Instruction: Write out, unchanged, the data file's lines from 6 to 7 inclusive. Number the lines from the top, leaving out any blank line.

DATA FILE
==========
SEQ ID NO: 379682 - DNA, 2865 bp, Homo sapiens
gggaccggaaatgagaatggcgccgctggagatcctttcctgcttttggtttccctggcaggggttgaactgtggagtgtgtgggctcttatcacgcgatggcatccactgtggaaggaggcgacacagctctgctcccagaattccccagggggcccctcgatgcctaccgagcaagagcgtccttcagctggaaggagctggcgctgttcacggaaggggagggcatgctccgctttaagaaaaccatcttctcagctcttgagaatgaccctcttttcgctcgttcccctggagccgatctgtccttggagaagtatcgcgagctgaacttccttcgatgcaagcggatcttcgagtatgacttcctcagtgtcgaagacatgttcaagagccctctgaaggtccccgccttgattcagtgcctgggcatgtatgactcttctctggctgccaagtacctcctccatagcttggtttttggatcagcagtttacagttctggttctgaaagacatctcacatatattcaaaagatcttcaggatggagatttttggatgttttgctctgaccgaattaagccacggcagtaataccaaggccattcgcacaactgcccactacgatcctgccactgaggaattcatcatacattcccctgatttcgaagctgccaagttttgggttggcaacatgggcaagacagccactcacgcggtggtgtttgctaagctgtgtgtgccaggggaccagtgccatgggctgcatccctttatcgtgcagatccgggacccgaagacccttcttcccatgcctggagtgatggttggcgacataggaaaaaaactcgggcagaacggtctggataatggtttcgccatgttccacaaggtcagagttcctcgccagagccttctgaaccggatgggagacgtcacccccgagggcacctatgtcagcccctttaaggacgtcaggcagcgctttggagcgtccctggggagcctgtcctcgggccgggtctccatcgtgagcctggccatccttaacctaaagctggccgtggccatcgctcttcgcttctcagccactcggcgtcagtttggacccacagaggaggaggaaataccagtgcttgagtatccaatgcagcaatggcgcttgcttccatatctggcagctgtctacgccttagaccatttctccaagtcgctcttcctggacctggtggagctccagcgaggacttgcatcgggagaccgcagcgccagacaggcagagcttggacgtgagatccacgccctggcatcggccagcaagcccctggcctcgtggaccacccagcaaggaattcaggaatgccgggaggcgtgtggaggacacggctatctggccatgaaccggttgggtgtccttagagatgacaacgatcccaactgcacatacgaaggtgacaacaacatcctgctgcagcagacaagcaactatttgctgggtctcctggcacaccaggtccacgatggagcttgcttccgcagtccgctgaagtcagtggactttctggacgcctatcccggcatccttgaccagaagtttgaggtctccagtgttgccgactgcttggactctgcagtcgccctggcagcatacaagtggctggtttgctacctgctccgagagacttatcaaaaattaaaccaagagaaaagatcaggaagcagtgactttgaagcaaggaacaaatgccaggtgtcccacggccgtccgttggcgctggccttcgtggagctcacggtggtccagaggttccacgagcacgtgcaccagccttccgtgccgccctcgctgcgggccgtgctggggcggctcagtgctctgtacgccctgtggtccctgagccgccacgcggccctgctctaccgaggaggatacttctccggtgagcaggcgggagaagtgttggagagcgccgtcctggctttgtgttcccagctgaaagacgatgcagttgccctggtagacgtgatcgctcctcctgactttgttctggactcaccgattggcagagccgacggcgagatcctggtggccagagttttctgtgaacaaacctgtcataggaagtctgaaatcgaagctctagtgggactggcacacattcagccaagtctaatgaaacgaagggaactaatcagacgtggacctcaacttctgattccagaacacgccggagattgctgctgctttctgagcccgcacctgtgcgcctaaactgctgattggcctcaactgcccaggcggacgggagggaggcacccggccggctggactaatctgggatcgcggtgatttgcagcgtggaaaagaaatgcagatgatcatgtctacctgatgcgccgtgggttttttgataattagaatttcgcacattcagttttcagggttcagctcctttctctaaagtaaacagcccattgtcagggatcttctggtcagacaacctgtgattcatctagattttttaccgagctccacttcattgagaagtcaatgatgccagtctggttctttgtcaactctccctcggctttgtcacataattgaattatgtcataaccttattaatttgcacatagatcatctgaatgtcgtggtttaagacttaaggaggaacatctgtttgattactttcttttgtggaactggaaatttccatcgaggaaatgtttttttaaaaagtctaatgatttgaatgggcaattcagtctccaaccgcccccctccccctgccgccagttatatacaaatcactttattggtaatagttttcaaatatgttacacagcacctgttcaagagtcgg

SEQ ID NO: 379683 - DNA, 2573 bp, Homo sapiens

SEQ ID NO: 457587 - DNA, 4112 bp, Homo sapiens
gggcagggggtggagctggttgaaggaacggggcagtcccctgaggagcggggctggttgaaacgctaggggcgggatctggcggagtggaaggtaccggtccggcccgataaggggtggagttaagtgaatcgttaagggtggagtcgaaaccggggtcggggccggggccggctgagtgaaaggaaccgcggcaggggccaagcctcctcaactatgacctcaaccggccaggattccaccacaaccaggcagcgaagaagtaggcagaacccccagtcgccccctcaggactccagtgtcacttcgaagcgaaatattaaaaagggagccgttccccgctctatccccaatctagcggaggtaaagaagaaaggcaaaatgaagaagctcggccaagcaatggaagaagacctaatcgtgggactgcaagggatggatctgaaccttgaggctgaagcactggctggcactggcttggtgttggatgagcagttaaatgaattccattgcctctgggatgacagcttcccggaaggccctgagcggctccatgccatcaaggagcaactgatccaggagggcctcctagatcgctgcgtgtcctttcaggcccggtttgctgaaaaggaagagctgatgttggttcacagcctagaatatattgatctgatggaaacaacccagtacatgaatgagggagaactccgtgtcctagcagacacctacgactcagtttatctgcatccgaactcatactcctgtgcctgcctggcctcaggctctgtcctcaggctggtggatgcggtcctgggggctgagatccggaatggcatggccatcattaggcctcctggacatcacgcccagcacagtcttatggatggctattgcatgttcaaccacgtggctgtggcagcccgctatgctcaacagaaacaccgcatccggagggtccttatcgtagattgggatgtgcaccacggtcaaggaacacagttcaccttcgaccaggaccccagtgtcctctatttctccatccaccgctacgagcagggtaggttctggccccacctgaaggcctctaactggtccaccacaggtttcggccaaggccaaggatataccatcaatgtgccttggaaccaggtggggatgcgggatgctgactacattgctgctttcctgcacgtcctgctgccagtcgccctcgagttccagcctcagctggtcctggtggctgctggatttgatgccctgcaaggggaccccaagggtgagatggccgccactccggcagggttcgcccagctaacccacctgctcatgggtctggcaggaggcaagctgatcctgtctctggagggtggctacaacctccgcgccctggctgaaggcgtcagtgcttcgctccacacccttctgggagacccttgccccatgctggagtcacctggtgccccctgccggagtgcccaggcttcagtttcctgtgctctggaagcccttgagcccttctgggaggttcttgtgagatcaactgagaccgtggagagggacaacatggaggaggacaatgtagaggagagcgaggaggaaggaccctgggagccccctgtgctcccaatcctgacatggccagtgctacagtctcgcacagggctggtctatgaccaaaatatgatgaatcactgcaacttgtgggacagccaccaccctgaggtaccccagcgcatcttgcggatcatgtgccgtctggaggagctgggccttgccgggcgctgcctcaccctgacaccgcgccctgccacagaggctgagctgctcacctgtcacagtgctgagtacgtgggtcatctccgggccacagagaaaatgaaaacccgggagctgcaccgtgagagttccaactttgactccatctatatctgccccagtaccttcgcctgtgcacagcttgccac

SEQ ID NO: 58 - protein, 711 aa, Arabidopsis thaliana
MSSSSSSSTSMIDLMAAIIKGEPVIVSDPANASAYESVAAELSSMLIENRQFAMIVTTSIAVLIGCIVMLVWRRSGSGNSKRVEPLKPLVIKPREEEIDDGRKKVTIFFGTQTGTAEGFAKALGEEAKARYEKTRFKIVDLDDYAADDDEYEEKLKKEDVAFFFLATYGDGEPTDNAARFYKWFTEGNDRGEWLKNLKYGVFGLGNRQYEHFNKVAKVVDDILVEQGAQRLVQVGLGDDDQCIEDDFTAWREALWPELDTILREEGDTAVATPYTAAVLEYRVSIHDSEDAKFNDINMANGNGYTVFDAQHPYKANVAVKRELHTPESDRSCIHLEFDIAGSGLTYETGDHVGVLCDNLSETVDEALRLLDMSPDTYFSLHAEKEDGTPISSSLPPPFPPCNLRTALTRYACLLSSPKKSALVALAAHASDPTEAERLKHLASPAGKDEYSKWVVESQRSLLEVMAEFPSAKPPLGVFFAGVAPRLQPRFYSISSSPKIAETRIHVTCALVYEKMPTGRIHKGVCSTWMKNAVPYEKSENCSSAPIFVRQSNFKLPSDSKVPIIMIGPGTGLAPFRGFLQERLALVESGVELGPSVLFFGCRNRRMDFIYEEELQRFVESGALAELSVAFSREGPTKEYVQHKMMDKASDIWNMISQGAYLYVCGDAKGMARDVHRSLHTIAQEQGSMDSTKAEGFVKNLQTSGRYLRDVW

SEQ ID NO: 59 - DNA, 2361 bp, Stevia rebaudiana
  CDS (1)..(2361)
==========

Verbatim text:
SEQ ID NO: 58 - protein, 711 aa, Arabidopsis thaliana
MSSSSSSSTSMIDLMAAIIKGEPVIVSDPANASAYESVAAELSSMLIENRQFAMIVTTSIAVLIGCIVMLVWRRSGSGNSKRVEPLKPLVIKPREEEIDDGRKKVTIFFGTQTGTAEGFAKALGEEAKARYEKTRFKIVDLDDYAADDDEYEEKLKKEDVAFFFLATYGDGEPTDNAARFYKWFTEGNDRGEWLKNLKYGVFGLGNRQYEHFNKVAKVVDDILVEQGAQRLVQVGLGDDDQCIEDDFTAWREALWPELDTILREEGDTAVATPYTAAVLEYRVSIHDSEDAKFNDINMANGNGYTVFDAQHPYKANVAVKRELHTPESDRSCIHLEFDIAGSGLTYETGDHVGVLCDNLSETVDEALRLLDMSPDTYFSLHAEKEDGTPISSSLPPPFPPCNLRTALTRYACLLSSPKKSALVALAAHASDPTEAERLKHLASPAGKDEYSKWVVESQRSLLEVMAEFPSAKPPLGVFFAGVAPRLQPRFYSISSSPKIAETRIHVTCALVYEKMPTGRIHKGVCSTWMKNAVPYEKSENCSSAPIFVRQSNFKLPSDSKVPIIMIGPGTGLAPFRGFLQERLALVESGVELGPSVLFFGCRNRRMDFIYEEELQRFVESGALAELSVAFSREGPTKEYVQHKMMDKASDIWNMISQGAYLYVCGDAKGMARDVHRSLHTIAQEQGSMDSTKAEGFVKNLQTSGRYLRDVW